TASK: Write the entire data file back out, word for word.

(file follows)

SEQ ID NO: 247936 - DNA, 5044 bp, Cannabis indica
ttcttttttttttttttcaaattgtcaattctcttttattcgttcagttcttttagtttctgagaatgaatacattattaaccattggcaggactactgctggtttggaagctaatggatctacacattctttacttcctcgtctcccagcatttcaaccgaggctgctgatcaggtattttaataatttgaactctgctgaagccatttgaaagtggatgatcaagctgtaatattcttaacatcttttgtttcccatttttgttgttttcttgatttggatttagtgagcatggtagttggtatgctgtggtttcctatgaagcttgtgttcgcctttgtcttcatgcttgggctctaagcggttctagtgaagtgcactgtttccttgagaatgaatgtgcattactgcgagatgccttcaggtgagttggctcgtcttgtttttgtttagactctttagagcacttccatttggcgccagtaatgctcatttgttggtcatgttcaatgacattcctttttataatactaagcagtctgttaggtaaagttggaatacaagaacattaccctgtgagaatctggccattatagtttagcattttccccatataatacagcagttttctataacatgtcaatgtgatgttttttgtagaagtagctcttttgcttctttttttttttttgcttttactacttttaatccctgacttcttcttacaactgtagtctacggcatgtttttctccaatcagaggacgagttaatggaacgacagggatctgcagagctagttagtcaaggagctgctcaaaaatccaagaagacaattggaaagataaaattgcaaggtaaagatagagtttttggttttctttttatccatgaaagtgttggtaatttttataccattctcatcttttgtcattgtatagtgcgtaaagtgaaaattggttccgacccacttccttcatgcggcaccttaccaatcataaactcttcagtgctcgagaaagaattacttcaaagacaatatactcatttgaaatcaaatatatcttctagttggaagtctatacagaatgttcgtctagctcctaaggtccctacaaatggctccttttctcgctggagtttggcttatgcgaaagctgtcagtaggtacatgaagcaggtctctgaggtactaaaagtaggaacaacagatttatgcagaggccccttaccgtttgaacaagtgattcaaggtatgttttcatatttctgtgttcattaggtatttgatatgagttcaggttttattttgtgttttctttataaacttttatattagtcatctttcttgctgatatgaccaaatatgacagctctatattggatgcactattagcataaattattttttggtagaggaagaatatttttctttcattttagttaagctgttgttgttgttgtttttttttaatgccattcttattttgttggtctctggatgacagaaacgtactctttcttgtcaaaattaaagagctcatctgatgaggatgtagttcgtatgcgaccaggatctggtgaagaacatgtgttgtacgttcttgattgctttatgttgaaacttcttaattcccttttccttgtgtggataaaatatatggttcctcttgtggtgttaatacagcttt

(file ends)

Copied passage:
SEQ ID NO: 247936 - DNA, 5044 bp, Cannabis indica
ttcttttttttttttttcaaattgtcaattctcttttattcgttcagttcttttagtttctgagaatgaatacattattaaccattggcaggactactgctggtttggaagctaatggatctacacattctttacttcctcgtctcccagcatttcaaccgaggctgctgatcaggtattttaataatttgaactctgctgaagccatttgaaagtggatgatcaagctgtaatattcttaacatcttttgtttcccatttttgttgttttcttgatttggatttagtgagcatggtagttggtatgctgtggtttcctatgaagcttgtgttcgcctttgtcttcatgcttgggctctaagcggttctagtgaagtgcactgtttccttgagaatgaatgtgcattactgcgagatgccttcaggtgagttggctcgtcttgtttttgtttagactctttagagcacttccatttggcgccagtaatgctcatttgttggtcatgttcaatgacattcctttttataatactaagcagtctgttaggtaaagttggaatacaagaacattaccctgtgagaatctggccattatagtttagcattttccccatataatacagcagttttctataacatgtcaatgtgatgttttttgtagaagtagctcttttgcttctttttttttttttgcttttactacttttaatccctgacttcttcttacaactgtagtctacggcatgtttttctccaatcagaggacgagttaatggaacgacagggatctgcagagctagttagtcaaggagctgctcaaaaatccaagaagacaattggaaagataaaattgcaaggtaaagatagagtttttggttttctttttatccatgaaagtgttggtaatttttataccattctcatcttttgtcattgtatagtgcgtaaagtgaaaattggttccgacccacttccttcatgcggcaccttaccaatcataaactcttcagtgctcgagaaagaattacttcaaagacaatatactcatttgaaatcaaatatatcttctagttggaagtctatacagaatgttcgtctagctcctaaggtccctacaaatggctccttttctcgctggagtttggcttatgcgaaagctgtcagtaggtacatgaagcaggtctctgaggtactaaaagtaggaacaacagatttatgcagaggccccttaccgtttgaacaagtgattcaaggtatgttttcatatttctgtgttcattaggtatttgatatgagttcaggttttattttgtgttttctttataaacttttatattagtcatctttcttgctgatatgaccaaatatgacagctctatattggatgcactattagcataaattattttttggtagaggaagaatatttttctttcattttagttaagctgttgttgttgttgtttttttttaatgccattcttattttgttggtctctggatgacagaaacgtactctttcttgtcaaaattaaagagctcatctgatgaggatgtagttcgtatgcgaccaggatctggtgaagaacatgtgttgtacgttcttgattgctttatgttgaaacttcttaattcccttttccttgtgtggataaaatatatggttcctcttgtggtgttaatacagcttt